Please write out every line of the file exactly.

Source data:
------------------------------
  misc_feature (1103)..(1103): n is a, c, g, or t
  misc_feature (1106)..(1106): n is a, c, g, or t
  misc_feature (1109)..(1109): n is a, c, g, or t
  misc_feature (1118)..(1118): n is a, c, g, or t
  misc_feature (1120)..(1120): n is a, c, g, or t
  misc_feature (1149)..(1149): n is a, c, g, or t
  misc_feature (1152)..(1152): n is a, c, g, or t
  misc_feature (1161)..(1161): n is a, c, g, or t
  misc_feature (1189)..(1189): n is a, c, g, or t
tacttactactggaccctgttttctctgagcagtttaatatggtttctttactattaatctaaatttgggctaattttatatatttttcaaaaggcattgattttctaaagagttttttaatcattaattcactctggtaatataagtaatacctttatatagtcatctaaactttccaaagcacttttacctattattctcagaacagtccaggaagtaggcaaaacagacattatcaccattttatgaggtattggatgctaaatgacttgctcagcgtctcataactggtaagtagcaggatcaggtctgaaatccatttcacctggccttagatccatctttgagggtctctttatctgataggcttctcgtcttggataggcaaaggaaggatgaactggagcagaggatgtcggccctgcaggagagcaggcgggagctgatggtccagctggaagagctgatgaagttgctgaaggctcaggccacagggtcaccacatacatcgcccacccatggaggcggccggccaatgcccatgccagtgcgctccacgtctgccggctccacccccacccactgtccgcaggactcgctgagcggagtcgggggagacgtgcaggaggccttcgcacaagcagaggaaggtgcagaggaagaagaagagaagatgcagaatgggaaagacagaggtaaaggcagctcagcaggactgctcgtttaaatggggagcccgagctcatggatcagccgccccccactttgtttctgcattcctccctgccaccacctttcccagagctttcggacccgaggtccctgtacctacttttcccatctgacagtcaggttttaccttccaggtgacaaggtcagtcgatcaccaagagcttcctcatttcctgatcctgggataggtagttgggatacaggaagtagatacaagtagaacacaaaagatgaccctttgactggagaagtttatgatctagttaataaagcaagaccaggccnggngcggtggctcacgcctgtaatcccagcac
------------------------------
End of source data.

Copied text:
  misc_feature (1103)..(1103): n is a, c, g, or t
  misc_feature (1106)..(1106): n is a, c, g, or t
  misc_feature (1109)..(1109): n is a, c, g, or t
  misc_feature (1118)..(1118): n is a, c, g, or t
  misc_feature (1120)..(1120): n is a, c, g, or t
  misc_feature (1149)..(1149): n is a, c, g, or t
  misc_feature (1152)..(1152): n is a, c, g, or t
  misc_feature (1161)..(1161): n is a, c, g, or t
  misc_feature (1189)..(1189): n is a, c, g, or t
tacttactactggaccctgttttctctgagcagtttaatatggtttctttactattaatctaaatttgggctaattttatatatttttcaaaaggcattgattttctaaagagttttttaatcattaattcactctggtaatataagtaatacctttatatagtcatctaaactttccaaagcacttttacctattattctcagaacagtccaggaagtaggcaaaacagacattatcaccattttatgaggtattggatgctaaatgacttgctcagcgtctcataactggtaagtagcaggatcaggtctgaaatccatttcacctggccttagatccatctttgagggtctctttatctgataggcttctcgtcttggataggcaaaggaaggatgaactggagcagaggatgtcggccctgcaggagagcaggcgggagctgatggtccagctggaagagctgatgaagttgctgaaggctcaggccacagggtcaccacatacatcgcccacccatggaggcggccggccaatgcccatgccagtgcgctccacgtctgccggctccacccccacccactgtccgcaggactcgctgagcggagtcgggggagacgtgcaggaggccttcgcacaagcagaggaaggtgcagaggaagaagaagagaagatgcagaatgggaaagacagaggtaaaggcagctcagcaggactgctcgtttaaatggggagcccgagctcatggatcagccgccccccactttgtttctgcattcctccctgccaccacctttcccagagctttcggacccgaggtccctgtacctacttttcccatctgacagtcaggttttaccttccaggtgacaaggtcagtcgatcaccaagagcttcctcatttcctgatcctgggataggtagttgggatacaggaagtagatacaagtagaacacaaaagatgaccctttgactggagaagtttatgatctagttaataaagcaagaccaggccnggngcggtggctcacgcctgtaatcccagcac